1. Familiarize your retriever with the tools you’ll be using; you don’t want to create a gun shy dog on its first hunt.
  4. Set realistic expectations of your hunt
    1. Don’t expect a young retriever to do a seasoned retriever’s work.
    2. If you haven’t mastered a blind retrieve in training don’t try it in the field.
Important to work with real birds before the first hunt!

Important to work with real birds before the first hunt!

One of the best ways to prepare your retriever for hunting situations is by joining a local retriever club.  Participate in their monthly or weekly training days and their semi-annual hunt tests.  A great way to learn training tips, experience real hunting situations and see what finished retrievers can do.

Training days will simulate almost all situations presented to a retriever while hunting; allowing you to train, practice and teach your pup invaluable lessons.  All the sights, sounds and smells associated with a real hunt are present at these events, including your own excitement.

Finn equally comfortable in both the field and water

Finn equally comfortable in both the field and water

Hunts tests are sanctioned by UKC or AKC organizations and designed to challenge your retriever against a minimum standard for grading.  These are also fun competitive events, and much can be learned by simply attending and observing; or for those with a competitive heart they tend to be very addictive and truly rewarding as you watch your retriever handle tough conditions and excel during challenging hunts.

I mention all of this as a way to prepare our retrievers for “game day”, the big hunt or season opener.  When you show up with pup on their first hunt, hopefully the sounds, smells and excitement are nothing new to them.  One of the best suggestions I was ever given about a retriever’s first hunt is for the handler of the dog to put his or her gun away that day or at least to the side at first.  Focus on your retriever.  Make sure they are steady to gun, obedient and controlled.  Taking this time to focus on the dog will be more rewarding here on out as they are less likely to form bad habits.


Finn is ready for his first hunt, but prior to that he will be participating in his first UKC hunt test in November.  I think we are more than prepared but I’m sure he will exploit an area or two that we will need to work on before opening day here in Florida.

Zach Raulie is an avid hunter and amateur retriever trainer living outside of Jacksonville, Florida.   He is a multi-year qualifier for the World’s Duck Calling Contest and is highly competitive in AKC and UKC sanctioned hunt tests.  You’ll see Zach representing and Lodge Creek Calls in all of his endeavors each year.  You can contact Zach at and find him on Facebook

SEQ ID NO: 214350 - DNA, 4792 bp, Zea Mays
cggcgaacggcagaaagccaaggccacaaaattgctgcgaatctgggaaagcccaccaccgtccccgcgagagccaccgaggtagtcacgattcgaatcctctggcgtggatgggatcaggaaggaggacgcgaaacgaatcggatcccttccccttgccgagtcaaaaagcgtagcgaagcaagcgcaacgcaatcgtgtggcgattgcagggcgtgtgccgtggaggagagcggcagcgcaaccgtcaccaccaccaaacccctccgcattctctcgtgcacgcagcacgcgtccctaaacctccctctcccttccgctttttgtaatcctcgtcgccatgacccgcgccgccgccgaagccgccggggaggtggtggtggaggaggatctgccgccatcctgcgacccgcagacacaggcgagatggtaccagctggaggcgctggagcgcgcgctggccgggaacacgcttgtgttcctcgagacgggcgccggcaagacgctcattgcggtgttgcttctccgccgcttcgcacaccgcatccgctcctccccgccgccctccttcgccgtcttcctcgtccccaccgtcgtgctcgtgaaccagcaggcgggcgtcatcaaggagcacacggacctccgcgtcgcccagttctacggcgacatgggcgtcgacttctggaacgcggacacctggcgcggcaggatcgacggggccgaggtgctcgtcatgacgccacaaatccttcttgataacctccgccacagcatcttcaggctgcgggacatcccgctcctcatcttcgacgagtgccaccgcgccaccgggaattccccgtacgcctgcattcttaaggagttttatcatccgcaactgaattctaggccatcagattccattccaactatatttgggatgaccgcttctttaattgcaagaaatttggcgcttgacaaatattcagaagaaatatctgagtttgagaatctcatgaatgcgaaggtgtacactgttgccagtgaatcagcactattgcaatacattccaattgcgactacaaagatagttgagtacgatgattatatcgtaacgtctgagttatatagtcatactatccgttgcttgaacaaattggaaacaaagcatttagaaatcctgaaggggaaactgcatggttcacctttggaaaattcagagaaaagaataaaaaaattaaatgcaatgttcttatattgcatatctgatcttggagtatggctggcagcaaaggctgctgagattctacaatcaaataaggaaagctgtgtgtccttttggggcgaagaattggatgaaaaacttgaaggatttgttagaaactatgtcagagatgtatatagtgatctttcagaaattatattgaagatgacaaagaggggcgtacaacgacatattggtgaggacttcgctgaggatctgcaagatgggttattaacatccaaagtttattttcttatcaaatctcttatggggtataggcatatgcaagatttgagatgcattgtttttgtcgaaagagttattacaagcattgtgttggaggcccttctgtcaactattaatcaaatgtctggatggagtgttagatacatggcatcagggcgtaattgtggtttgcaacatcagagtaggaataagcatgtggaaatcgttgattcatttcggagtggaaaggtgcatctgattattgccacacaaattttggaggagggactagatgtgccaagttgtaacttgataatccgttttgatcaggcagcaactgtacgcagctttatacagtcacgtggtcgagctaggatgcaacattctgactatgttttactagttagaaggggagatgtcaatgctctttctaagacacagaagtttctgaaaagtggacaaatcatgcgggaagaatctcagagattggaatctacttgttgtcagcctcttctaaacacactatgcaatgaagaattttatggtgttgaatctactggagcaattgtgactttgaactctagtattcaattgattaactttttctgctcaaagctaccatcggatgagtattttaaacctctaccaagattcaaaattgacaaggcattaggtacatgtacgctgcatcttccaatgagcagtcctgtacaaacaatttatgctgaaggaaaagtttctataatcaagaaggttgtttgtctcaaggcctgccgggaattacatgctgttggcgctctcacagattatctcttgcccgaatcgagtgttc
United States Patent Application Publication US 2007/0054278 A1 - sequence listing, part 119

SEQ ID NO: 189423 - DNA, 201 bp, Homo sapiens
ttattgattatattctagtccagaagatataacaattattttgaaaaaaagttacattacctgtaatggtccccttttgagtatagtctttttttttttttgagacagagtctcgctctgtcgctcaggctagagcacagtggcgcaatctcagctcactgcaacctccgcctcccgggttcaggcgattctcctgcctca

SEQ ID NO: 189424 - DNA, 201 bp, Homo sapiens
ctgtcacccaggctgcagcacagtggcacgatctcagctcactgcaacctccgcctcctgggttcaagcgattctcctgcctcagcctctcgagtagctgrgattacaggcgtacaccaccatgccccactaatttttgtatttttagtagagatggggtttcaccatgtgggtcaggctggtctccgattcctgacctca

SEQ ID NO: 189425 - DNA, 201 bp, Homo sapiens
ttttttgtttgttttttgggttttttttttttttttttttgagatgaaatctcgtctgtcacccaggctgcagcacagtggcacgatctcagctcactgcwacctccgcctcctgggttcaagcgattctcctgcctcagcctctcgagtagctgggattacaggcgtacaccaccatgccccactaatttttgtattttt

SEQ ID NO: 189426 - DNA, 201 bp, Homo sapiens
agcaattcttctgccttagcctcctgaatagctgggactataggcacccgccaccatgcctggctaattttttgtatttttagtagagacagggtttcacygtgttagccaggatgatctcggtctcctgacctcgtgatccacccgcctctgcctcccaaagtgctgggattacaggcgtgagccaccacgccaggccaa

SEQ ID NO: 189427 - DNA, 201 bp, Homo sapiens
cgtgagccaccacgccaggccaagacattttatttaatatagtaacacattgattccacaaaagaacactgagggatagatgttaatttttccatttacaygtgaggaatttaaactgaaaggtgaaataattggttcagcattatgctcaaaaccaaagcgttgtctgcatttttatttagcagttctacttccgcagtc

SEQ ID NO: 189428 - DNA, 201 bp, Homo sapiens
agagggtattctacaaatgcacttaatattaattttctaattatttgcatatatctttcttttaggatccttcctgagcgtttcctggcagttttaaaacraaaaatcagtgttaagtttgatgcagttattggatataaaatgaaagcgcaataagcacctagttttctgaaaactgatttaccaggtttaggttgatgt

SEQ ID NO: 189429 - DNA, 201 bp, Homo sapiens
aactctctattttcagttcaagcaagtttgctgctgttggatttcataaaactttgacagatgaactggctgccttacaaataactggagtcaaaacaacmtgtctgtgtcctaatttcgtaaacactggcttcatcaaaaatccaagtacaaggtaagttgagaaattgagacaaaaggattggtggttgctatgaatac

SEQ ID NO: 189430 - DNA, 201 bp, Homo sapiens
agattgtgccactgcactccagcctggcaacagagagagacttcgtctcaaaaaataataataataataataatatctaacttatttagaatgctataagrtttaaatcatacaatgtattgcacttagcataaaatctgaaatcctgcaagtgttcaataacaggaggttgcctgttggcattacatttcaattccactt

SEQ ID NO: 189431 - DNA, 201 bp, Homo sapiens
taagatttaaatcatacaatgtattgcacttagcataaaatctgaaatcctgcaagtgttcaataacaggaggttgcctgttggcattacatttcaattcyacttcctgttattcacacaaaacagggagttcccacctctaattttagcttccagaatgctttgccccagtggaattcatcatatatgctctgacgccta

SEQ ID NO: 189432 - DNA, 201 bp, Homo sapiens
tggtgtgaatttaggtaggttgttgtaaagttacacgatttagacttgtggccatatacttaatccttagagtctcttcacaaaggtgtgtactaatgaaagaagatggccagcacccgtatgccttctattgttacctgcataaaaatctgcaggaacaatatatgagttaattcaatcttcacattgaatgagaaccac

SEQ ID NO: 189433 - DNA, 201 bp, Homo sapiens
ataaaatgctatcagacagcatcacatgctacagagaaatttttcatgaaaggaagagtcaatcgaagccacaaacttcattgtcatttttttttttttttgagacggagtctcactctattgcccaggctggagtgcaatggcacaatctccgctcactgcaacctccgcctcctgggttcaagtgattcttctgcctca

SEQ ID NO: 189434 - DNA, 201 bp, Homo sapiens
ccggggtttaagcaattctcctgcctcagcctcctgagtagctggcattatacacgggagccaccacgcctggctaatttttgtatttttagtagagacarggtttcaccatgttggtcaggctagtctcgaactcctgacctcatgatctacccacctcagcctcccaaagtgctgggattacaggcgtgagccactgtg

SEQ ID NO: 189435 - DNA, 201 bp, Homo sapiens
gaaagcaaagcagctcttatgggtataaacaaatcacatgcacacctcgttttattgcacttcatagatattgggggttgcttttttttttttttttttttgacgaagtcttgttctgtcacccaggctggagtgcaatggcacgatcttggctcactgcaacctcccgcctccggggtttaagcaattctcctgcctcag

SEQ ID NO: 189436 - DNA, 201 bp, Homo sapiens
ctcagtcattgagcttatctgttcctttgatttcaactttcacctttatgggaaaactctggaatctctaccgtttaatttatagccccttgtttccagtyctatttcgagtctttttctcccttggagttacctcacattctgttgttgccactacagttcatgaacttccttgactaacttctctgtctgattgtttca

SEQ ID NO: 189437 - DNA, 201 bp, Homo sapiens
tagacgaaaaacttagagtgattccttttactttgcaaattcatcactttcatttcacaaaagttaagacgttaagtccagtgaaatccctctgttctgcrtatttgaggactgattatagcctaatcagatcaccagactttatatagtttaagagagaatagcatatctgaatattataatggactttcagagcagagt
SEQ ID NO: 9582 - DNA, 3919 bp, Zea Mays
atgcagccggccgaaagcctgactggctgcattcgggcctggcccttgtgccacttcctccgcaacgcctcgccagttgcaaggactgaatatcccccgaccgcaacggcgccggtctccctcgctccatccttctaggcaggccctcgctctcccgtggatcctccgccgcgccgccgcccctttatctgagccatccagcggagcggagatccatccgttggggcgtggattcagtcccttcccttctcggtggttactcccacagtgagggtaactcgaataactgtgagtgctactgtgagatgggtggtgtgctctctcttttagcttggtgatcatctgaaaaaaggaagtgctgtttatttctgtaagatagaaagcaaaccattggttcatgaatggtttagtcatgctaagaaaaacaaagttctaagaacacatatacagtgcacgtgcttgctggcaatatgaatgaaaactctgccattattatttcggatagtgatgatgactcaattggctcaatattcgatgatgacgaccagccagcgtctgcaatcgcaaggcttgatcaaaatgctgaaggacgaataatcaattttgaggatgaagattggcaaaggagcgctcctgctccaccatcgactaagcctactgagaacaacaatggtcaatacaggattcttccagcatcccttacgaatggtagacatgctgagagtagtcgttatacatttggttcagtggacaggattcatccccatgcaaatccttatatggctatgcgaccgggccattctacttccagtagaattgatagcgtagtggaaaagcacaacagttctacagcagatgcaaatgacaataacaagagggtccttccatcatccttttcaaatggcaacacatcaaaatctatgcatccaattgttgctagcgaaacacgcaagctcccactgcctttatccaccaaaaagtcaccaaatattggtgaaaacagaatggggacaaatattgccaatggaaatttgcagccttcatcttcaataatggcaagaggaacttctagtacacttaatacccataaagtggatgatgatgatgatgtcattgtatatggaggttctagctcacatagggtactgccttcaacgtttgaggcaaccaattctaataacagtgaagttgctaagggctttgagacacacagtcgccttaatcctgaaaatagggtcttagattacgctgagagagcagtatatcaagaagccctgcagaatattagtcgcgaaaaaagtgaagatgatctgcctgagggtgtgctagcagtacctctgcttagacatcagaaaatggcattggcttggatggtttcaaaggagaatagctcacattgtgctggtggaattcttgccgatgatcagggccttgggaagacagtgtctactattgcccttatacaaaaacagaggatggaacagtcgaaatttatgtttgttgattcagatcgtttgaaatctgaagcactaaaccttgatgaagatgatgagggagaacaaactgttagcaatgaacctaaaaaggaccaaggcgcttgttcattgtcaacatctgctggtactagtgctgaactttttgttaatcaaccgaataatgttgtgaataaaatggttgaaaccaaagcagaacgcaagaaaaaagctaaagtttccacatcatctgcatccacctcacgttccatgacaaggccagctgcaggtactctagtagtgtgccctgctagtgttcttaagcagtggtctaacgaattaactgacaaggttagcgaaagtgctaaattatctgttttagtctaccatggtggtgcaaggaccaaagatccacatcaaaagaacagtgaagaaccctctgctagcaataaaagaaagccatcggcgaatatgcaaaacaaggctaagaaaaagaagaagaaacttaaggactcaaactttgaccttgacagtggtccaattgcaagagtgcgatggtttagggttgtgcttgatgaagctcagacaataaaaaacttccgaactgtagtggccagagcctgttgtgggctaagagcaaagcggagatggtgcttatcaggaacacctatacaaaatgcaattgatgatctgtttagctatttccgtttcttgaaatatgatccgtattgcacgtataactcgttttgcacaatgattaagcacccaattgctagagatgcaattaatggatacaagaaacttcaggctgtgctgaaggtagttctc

Five Truths about Alligator Hunting in Florida

Pro-staff Contributor: Zach Raulie

2012 Gator Hunt – Snatch N Cross from Zach Raulie on Vimeo.

Interest in alligators and alligator hunting has increased during the last couple of years. I think this is most likely due to the success of hit TV shows about swamp adventures. But with all of the publicity comes a lot of misinformation. For instance, many people do not know that each state that offers hunting has its own set of rules and some states only have commercial trapping, not recreational hunting.

In Florida, there are 5,700 recreational alligator hunting permits available by lottery drawing each June. The hunting season opens August 15th for four short, one-week seasons. The season reopens from mid-September through November 1st to those who have unfilled tags. Legal hunting times are from 5 pm to 10 am and each permit holder has two gator tags. If you’d like to learn more about hunting regulations in Florida, this link is a great resource.

Here are five “must know” truths about alligator hunting in Florida:

1. It is illegal to use a firearm in Florida.

You must “attach” a line to the gator rather than shooting it without having a way to bring it in. There are a few options for doing this. Typically we use our Stryker crossbow. But in certain areas it is tough to get close enough for a crossbow shot, so we’ll use a weighted snatch hook to “snag” the alligator that has submersed itself. Then we’ll use a harpoon, bow or crossbow shot to attach a line to the gator–enabling us to work the gator to the boat. A bangstick—a four- or five-foot pole that has a power head at the end of it to safely shoot the gator under water–is the best legal way to quickly kill the gator.Jen Stryker

2. It is illegal to use any type of baited hook.